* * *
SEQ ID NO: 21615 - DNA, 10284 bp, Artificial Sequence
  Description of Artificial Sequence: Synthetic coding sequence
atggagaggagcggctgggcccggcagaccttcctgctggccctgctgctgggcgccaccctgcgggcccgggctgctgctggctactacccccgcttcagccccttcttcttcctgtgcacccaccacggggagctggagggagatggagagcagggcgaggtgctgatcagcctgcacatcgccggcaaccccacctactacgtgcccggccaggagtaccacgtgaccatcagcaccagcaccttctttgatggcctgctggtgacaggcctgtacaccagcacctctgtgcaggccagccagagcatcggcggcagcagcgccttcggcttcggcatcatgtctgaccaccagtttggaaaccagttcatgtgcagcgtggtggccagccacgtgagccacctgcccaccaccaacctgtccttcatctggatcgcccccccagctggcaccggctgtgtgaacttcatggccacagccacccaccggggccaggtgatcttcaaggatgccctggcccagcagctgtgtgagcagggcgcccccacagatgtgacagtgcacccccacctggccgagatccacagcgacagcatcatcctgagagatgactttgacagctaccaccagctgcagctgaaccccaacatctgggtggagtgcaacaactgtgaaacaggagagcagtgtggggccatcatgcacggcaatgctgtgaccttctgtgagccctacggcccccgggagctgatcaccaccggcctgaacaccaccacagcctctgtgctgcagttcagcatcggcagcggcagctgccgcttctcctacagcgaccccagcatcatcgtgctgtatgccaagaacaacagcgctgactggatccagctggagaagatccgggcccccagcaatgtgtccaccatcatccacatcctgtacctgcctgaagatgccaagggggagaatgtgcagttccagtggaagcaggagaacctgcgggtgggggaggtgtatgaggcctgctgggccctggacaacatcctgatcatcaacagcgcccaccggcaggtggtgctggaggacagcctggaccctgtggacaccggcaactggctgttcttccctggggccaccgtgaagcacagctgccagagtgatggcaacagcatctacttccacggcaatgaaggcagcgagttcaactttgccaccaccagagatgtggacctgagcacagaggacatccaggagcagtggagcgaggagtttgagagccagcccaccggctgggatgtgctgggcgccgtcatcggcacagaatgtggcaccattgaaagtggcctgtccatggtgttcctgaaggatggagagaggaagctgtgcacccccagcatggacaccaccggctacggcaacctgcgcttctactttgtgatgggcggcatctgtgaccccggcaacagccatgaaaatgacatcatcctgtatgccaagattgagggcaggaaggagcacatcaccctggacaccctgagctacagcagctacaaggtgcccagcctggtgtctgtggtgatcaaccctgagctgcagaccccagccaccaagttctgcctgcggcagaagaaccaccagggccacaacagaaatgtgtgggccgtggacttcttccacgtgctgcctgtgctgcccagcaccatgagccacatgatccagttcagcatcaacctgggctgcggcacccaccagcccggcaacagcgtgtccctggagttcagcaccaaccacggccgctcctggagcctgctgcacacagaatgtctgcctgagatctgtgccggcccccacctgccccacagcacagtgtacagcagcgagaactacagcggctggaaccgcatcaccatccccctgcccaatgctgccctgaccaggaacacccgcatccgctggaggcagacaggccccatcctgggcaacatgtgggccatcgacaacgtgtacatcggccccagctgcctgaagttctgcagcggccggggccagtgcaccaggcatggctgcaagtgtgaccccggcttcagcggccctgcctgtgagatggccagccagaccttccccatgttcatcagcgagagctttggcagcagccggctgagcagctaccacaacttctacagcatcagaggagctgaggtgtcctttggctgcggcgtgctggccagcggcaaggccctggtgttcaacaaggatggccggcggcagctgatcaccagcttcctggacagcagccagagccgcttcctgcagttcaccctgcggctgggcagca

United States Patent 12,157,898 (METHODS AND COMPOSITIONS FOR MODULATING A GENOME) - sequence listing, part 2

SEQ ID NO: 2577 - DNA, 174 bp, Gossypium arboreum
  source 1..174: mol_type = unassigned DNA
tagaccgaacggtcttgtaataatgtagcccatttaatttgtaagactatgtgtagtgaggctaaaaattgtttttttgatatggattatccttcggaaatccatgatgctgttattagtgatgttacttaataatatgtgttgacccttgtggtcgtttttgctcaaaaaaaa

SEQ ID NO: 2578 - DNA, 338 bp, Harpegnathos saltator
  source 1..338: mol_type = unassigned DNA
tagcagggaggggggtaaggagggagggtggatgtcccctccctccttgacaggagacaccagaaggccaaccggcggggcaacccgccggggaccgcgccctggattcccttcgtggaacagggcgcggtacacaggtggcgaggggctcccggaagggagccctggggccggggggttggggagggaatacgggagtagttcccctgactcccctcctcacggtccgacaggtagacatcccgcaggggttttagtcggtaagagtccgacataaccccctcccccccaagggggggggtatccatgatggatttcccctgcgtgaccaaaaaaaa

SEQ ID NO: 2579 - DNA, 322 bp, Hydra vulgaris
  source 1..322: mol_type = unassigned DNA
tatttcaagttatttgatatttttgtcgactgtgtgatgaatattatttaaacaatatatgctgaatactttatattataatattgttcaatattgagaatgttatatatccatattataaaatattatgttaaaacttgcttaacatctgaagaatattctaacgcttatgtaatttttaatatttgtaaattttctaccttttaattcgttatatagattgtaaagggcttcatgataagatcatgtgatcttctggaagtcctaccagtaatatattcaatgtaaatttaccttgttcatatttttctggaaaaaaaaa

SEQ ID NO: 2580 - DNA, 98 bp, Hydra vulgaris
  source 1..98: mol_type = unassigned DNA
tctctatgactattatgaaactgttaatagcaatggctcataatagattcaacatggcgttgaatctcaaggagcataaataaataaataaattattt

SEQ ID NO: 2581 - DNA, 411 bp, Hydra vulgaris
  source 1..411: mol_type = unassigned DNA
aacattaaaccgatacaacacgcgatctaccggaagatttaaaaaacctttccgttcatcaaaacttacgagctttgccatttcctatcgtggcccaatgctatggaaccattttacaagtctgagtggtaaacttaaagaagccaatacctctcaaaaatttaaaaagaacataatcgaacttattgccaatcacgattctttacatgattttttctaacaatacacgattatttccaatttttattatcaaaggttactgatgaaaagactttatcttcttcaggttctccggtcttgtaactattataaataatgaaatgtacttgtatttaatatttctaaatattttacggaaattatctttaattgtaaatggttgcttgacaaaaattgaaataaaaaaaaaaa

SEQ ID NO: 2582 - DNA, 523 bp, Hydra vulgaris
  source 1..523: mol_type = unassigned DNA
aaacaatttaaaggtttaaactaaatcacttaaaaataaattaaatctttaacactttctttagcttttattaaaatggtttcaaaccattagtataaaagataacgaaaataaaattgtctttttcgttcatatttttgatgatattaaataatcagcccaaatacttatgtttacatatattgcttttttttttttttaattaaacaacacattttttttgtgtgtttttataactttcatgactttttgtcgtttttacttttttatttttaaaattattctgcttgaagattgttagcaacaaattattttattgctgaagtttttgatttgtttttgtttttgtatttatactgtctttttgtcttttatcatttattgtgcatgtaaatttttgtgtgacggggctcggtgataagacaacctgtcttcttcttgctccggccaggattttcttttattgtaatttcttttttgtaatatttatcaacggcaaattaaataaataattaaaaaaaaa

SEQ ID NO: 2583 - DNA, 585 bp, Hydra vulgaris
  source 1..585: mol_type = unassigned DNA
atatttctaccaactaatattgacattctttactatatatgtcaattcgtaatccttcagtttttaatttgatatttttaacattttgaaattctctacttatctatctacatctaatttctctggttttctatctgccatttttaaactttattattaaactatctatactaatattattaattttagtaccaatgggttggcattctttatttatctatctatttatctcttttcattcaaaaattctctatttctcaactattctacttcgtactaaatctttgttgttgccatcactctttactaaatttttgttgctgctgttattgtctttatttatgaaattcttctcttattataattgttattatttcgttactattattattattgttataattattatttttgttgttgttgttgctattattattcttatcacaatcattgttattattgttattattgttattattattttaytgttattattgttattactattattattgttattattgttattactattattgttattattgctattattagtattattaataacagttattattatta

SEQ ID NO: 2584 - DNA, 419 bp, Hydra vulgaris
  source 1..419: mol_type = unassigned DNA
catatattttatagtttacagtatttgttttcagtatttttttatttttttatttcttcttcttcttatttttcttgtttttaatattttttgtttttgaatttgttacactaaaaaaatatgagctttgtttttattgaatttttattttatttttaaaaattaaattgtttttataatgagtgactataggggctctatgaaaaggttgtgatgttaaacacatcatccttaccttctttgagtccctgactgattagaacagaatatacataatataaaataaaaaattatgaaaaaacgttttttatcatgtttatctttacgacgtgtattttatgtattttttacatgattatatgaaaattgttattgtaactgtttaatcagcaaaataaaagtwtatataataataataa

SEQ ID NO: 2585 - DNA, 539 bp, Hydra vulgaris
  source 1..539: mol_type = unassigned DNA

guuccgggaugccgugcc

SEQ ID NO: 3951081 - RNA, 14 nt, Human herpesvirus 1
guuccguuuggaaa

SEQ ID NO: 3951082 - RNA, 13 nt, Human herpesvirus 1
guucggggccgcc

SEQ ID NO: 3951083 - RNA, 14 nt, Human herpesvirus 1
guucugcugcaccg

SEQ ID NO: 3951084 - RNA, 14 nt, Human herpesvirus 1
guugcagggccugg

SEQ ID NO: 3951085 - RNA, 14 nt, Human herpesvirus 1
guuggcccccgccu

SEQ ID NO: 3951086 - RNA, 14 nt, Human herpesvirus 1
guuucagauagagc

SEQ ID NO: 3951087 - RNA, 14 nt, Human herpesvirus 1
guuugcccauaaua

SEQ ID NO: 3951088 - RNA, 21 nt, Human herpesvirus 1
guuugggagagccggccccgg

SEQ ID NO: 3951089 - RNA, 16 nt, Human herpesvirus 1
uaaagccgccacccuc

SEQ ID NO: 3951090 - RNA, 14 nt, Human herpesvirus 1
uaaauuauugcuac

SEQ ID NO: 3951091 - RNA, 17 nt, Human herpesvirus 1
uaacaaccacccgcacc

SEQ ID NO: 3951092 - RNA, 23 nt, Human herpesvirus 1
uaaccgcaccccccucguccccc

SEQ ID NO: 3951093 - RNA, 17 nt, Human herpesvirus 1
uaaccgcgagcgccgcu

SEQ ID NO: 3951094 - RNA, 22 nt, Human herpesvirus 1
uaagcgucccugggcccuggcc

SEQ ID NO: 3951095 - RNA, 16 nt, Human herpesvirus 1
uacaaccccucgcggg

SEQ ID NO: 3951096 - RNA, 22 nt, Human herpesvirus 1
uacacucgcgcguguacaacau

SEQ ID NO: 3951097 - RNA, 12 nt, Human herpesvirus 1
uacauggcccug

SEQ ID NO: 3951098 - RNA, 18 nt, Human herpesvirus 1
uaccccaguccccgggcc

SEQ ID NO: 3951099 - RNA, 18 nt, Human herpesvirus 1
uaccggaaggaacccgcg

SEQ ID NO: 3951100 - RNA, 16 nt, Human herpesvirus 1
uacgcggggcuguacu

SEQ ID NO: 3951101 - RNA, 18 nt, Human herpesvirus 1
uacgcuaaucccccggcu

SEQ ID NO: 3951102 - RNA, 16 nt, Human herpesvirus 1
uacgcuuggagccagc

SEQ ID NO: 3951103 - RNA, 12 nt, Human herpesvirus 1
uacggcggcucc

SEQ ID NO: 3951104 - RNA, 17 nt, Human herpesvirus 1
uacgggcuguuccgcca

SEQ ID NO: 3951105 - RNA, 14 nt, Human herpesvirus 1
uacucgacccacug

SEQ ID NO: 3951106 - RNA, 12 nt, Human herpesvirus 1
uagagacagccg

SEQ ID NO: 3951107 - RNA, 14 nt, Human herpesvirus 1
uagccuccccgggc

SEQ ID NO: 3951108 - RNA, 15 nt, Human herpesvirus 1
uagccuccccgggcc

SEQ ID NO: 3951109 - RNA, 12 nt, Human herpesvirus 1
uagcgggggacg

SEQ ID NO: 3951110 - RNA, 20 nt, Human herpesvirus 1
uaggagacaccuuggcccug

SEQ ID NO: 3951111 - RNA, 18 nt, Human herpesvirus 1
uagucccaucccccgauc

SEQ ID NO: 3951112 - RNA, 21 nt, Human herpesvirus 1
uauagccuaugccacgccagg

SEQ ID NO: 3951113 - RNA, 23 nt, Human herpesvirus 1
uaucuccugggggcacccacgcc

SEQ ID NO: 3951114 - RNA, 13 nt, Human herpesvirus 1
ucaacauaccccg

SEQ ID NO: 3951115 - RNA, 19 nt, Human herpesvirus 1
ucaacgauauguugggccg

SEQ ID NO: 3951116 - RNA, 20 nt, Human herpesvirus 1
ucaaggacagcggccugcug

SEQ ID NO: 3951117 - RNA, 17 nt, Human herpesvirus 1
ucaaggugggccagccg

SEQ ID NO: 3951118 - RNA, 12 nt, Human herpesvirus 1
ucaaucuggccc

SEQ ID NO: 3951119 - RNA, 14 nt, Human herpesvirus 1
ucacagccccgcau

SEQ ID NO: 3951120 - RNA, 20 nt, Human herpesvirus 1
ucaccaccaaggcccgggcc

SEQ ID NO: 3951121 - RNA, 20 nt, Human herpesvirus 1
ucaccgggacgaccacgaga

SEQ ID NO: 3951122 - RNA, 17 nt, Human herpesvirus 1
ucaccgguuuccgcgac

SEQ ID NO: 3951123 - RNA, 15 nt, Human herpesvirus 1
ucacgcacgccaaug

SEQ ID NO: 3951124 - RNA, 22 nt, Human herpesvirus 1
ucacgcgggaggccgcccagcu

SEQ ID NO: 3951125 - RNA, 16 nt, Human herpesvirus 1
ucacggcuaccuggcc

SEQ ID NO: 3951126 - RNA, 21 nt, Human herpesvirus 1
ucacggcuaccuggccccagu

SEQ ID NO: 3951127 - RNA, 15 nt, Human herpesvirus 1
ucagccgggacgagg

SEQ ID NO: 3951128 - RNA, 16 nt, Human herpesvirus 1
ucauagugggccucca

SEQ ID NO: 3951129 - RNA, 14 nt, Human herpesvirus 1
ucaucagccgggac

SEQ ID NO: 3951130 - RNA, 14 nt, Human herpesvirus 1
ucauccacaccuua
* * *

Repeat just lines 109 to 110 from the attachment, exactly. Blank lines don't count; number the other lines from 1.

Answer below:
ucacagccccgcau

SEQ ID NO: 3951120 - RNA, 20 nt, Human herpesvirus 1